The Chemistry department is particularly interesting from a research data management (RDM) perspective as most research groups have a structured way of working and have already adopted good basic RDM practices. However, open access publishing of research data in data repositories is a practice that’s not widely embraced as a default way of working.
Partly, the reluctance stems from the concern that ‘it’s too much work to make data FAIR’. How to deal with depositing reproducible data with rich documentation, and how to use ontologies and (domain-specific) metadata schemas in order to comply with the FAIR principles is a common topic of discussion among chemistry researchers.
Researchers working in chemistry and related disciplines often state that ‘publishing data does not have much added value because all the data is already in the Supporting Information of the scientific article’. And, publishing up to 50-100 pages of Supporting Information is not unusual in their disciplines.
Nevertheless, slowly but surely researchers are starting to use data repositories, such as 4TU.ResearchData to publish their data and it’s reassuring to see that such datasets often obtain dozens or hundreds of views and downloads in a relatively short time. I hope the practice of publishing data continues to gain traction among the chemistry research community and that it eradicates any feelings of ‘cold feet’ they get when it comes to sharing data openly.
A significant part of my work as a data steward consists of delivering training sessions or giving presentations about RDM to research groups. I also regularly engage with individual researchers to explain what funder guidelines on RDM and FAIR data mean in practice and how to translate technical FAIR jargon into ‘doable’ actions. In addition, I inform them about the time investment and technical proficiency required to make data FAIR; and, demonstrate how publishing data in a repository can help make their data FAIR in a simple and efficient way.. Helping researchers write data management plans and data paragraphs is another important component of my work. Questions from researchers are very diverse, ranging from questions about Open Science in general to more specific RDM topics, such as choosing data and software licenses, publishing and copyright, etc.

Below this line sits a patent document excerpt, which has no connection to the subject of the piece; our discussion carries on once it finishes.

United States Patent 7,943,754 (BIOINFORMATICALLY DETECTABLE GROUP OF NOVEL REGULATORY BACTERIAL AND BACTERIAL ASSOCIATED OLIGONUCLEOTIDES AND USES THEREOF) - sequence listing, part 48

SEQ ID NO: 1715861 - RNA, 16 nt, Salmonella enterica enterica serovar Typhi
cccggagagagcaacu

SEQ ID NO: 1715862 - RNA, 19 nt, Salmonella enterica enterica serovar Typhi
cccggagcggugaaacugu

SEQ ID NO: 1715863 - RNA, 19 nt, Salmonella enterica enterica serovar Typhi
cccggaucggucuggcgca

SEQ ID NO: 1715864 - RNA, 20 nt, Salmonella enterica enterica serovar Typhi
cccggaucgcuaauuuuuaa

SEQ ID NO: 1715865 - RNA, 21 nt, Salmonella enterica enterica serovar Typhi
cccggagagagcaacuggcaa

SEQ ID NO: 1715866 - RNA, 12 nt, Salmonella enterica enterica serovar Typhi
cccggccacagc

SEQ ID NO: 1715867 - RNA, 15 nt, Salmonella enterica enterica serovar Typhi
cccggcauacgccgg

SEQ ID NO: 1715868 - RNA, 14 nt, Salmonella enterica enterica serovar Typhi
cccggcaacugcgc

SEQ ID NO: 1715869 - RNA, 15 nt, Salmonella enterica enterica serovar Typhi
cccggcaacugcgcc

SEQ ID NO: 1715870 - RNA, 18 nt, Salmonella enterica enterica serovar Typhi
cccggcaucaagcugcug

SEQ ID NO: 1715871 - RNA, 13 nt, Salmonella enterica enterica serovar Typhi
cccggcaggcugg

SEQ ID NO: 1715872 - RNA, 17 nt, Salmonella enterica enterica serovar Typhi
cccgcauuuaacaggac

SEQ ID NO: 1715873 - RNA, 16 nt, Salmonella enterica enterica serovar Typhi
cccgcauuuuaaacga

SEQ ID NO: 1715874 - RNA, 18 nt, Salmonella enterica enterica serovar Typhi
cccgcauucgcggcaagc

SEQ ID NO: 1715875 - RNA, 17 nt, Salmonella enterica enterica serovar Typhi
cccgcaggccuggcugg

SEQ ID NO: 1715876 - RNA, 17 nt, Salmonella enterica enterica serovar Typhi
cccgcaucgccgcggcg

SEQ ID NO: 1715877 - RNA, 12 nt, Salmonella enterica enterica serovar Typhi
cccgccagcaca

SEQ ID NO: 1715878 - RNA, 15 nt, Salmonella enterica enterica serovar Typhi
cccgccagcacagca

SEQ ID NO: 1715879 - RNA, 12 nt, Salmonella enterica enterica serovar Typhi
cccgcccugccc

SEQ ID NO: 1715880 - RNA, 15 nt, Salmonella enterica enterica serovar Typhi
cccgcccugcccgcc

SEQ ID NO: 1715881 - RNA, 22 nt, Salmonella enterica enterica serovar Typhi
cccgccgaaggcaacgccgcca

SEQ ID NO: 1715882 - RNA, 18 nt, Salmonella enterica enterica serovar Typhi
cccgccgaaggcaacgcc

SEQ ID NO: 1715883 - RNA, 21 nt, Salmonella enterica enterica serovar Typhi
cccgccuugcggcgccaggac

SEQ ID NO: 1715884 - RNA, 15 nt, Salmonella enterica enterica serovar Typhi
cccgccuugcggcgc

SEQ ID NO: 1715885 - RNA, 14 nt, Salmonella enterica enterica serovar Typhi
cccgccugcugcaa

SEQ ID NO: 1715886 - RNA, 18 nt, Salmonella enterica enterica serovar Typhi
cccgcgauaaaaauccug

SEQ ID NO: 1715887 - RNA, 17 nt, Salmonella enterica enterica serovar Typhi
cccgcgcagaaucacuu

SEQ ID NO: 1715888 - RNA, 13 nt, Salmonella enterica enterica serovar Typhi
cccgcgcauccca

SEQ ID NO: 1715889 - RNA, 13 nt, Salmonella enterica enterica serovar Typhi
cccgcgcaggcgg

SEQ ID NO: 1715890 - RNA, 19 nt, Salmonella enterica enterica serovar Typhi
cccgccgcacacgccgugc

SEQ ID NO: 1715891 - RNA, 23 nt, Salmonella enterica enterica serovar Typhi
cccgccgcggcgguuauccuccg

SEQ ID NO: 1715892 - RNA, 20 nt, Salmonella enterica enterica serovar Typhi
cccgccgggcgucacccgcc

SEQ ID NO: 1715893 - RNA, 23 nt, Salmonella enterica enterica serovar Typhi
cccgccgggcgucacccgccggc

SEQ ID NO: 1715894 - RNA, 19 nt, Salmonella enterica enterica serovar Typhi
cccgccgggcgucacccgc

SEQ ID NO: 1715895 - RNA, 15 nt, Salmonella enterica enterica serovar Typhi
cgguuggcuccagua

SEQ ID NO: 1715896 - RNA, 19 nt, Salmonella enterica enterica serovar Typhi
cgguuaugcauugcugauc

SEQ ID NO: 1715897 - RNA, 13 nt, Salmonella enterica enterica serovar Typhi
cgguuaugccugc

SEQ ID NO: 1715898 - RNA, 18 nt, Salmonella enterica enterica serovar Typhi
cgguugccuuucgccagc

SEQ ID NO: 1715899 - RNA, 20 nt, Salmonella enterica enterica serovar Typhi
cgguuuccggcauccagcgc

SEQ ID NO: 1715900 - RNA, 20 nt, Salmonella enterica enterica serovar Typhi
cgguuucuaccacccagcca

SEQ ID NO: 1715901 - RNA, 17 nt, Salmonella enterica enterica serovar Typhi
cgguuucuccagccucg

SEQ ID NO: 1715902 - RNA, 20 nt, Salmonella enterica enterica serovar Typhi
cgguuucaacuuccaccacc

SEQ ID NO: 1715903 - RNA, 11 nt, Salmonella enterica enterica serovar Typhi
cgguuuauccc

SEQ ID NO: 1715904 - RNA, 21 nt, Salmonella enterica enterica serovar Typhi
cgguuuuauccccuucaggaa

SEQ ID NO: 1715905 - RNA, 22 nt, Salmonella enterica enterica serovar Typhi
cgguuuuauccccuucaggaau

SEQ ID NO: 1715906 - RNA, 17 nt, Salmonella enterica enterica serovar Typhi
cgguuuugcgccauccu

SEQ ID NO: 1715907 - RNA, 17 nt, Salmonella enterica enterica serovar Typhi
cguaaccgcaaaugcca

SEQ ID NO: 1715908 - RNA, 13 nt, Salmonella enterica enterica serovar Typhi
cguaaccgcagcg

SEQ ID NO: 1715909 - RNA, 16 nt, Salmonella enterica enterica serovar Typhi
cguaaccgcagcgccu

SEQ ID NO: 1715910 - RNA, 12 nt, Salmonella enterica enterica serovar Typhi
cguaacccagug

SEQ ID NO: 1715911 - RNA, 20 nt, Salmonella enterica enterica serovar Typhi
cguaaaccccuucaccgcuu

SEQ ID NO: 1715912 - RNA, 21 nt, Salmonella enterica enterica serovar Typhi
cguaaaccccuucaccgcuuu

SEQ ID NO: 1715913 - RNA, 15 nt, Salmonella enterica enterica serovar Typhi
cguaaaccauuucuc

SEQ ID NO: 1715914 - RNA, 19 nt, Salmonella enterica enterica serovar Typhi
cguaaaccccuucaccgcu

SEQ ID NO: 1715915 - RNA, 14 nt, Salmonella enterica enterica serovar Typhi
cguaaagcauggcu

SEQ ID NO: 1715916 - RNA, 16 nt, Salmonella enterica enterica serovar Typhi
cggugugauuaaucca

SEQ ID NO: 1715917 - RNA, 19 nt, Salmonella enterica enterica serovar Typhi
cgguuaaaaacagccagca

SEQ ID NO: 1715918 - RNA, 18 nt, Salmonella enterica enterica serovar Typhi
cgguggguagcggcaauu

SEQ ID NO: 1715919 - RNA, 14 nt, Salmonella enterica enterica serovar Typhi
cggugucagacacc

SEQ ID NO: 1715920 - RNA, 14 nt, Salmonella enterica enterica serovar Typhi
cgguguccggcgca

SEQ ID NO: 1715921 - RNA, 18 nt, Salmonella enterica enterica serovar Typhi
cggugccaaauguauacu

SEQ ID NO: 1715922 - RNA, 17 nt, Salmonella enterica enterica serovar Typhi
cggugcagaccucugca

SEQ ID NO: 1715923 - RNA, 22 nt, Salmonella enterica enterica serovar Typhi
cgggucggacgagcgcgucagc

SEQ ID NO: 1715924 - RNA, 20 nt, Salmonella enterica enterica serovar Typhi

Luckily, our departmental project officer, Gabriela Dima (who also serves as a part-time data steward), and the Chemistry Board, have been supportive of efforts to introduce improved RDM practices within the department. The board also approved a departmental RDM policy to provide researchers with guidance on the RDM aspirations within the department.
From a data steward’s perspective, it may not always feel like things are moving fast but if I compare presentations on RDM from 3 years ago and now, it’s clear that the awareness of RDM and openness of research practice is increasing year by year, which is encouraging!”